AMX - 30 Family

The large family of AMX-30 derivatives has served the French Army since the 1970s, and has comprehensively addressed the armoured vehicle requirements of the artillery, the engineers and the armoured regiment’s workshops. No fewer than 4 main derivative sub-types of the AMX-30 were built in quantity for the French Army...


The first AMX-30 derived vehicle to enter French service was the AMX-30D Char de Depannage. Some 235 AMX-30D were built, of which 145 were ordered for the French Army’s needs (and in 2011 some 58 examples remained in French service). The AMX-30D had a busy service life for its first years in service, where it replaced the M74 TRV from 1973 onwards in the Arme Blindée Cavalerie. Production was slow in comparison to the battle tank (continuing until 1981), and it was 1976 before the last of the American vehicles were retired. Like the Leopard Bergepanzer designed at roughly the same time, the AMX-30D design incorporated a crane that could be used for complete power pack changes, a front mounted dozer blade and a front mounted winch.

The AMX-30D was a more utilitarian vehicle than the M74. It was capable of submerged river crossings, and it followed the AMX-30 battle tank anywhere on the battlefield. In the mid-1970s it was amongst the best equipped armoured recovery vehicles in service and it remained in its original form as the ABC’s main recovery vehicle until the introduction of the Leclerc MBT. Both the crane and dozer blade were hydraulically operated. The front mounted dozer blade was used to stabilise the vehicle while the crane was being employed or as an earth anchor for winching duties. The AMX-30D’s crane could lift up to twelve tonnes and traverse through 240 degrees. With the vehicle secured with the dozer blade, the crane could also lift fifteen tonnes directly in front of the vehicle. The main winch could pull 35 tonnes and could be deployed to 90 meters. A secondary winch capable of pulling over three tonnes was also provided. A secondary task in the AMX-30D’s vehicle description was as a char nivelleur, or dozer. This was an important capability because the AMX-30B and AMX-30B2 were never provided with the bulldozer kits seen on many contemporary main battle tanks.

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The AMX-30D was well regarded in service. It performed well in most conditions with the exception of icy weather, which always presented challenges because ice cleats were never supplied for the AMX-30’s tracks. Foreign sales to all the countries who bought the AMX-30 tank followed the French Army’s orders. The first foreign sales were made to Greece where 14 were purchased by the Hellenic Army, 10 followed for Spain, 4 for the United Arab Emirates, a single vehicle for Qatar, 4 for Venezuela and 57 for Saudi Arabia. In the late 1980s as the artillery and the engineers received AMX-30 based vehicles, they also received the recovery variant. A number of vehicles were rebuilt in the second decade of the 21st Century by the DCMAT to allow the AMX-30D to continue its work alongside the new Leclerc DCL recovery vehicle.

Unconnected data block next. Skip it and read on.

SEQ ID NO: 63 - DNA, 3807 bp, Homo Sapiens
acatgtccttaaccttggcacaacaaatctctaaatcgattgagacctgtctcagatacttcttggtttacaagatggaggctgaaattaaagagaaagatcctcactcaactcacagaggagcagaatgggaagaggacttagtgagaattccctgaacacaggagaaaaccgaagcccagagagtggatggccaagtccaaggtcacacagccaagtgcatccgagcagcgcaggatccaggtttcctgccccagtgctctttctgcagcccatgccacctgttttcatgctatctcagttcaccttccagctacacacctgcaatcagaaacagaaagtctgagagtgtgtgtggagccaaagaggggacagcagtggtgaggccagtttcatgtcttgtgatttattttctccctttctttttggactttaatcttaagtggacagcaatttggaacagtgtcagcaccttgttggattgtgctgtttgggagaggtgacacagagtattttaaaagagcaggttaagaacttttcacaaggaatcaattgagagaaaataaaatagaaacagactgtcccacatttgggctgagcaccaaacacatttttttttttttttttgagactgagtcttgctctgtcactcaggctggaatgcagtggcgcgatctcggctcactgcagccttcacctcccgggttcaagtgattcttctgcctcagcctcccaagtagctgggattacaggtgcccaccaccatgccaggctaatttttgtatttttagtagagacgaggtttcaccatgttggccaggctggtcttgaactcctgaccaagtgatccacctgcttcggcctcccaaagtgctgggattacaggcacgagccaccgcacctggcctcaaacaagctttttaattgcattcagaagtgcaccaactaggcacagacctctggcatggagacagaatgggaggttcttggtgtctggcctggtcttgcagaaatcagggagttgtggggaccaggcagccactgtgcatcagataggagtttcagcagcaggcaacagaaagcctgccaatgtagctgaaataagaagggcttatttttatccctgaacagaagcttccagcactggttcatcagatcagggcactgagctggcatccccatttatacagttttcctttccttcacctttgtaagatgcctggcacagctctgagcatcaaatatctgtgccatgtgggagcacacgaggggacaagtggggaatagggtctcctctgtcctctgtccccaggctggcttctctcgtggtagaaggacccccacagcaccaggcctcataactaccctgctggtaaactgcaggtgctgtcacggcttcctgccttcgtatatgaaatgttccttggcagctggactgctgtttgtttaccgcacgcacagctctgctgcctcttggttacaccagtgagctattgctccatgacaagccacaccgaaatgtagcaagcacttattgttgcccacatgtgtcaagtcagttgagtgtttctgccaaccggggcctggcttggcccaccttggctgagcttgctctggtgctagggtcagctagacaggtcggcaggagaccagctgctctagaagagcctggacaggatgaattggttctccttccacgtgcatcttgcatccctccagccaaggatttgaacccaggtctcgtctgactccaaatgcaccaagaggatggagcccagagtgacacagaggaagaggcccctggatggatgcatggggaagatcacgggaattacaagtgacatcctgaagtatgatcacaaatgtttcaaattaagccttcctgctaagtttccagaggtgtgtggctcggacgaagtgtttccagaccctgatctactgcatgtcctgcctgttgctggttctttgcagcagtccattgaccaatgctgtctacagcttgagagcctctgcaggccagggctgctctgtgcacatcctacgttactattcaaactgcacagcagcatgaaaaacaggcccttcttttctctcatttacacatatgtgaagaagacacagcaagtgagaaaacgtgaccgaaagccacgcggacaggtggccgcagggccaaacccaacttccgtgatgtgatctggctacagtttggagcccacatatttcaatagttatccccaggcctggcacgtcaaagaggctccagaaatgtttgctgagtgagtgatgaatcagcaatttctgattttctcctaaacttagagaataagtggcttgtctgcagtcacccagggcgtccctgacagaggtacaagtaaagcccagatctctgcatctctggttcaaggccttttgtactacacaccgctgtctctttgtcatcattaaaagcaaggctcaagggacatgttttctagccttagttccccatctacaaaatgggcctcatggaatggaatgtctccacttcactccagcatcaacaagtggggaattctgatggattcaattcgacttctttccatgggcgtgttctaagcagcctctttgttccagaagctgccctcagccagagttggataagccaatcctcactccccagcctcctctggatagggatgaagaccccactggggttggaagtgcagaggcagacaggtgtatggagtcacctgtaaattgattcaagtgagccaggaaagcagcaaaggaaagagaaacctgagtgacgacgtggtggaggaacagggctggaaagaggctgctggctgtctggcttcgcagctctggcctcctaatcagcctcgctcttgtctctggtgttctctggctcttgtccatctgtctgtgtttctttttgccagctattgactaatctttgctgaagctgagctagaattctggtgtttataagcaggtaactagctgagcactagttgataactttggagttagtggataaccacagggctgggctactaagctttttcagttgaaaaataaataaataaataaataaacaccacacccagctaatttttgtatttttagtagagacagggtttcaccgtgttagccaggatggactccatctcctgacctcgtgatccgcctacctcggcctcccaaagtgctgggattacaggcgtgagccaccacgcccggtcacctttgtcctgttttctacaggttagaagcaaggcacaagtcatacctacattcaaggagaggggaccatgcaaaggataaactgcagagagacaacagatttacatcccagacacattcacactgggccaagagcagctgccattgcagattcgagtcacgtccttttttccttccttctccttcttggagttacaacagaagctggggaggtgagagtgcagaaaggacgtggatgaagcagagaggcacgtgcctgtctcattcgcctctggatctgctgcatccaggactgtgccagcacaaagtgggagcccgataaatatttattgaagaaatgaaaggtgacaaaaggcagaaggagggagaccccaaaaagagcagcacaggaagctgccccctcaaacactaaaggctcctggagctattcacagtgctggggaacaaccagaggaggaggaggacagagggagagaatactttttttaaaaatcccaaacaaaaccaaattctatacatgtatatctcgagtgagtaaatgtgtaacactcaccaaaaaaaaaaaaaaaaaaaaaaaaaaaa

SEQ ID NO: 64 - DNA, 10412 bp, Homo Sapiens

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This humblest member of the AMX-30 family remains in service in small numbers in the French artillery and engineers. Its basic hull layout became the basis for that eventually adapted for the EBG in the 1980s, and was similar to that of the Pluton launcher, which was designed at around the same time as the recovery vehicle. The AMX-30D has a crew of three, including a driver at the front center of the vehicle, and a vehicle commander and a mechanic who sat behind him in the lightly armoured superstructure. The TOP7 cupola from the AMX-30 battle tank also equipped the AMX-30D, allowing a panoramic view for the vehicle commander during recovery operations. The AMX-30D carried welding equipment, tow bars and all the equipment necessary to winch out a bogged down vehicle or to tow away broken down tanks. It could be used as the basis of a mobile workshop with its crane, and a good AMX-30D crew was a valuable asset to any regiment equipped with battle tanks or with AMX-30 variants.


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AMX-30 based Artillery Systems

Although the French artillery adopted the Pluton and Roland missile systems before the adoption of the Au-F1, all systems began development by DTAT at about the same time. In the case of the GCT 155mm self-propelled gun, the broad specification’s origins stretched back into the early 1950s within DEFA, and are here treated first. The artillery variants of the AMX-30 family were amongst the most sophisticated and expensive weapon systems that the French army adopted during the Cold War.


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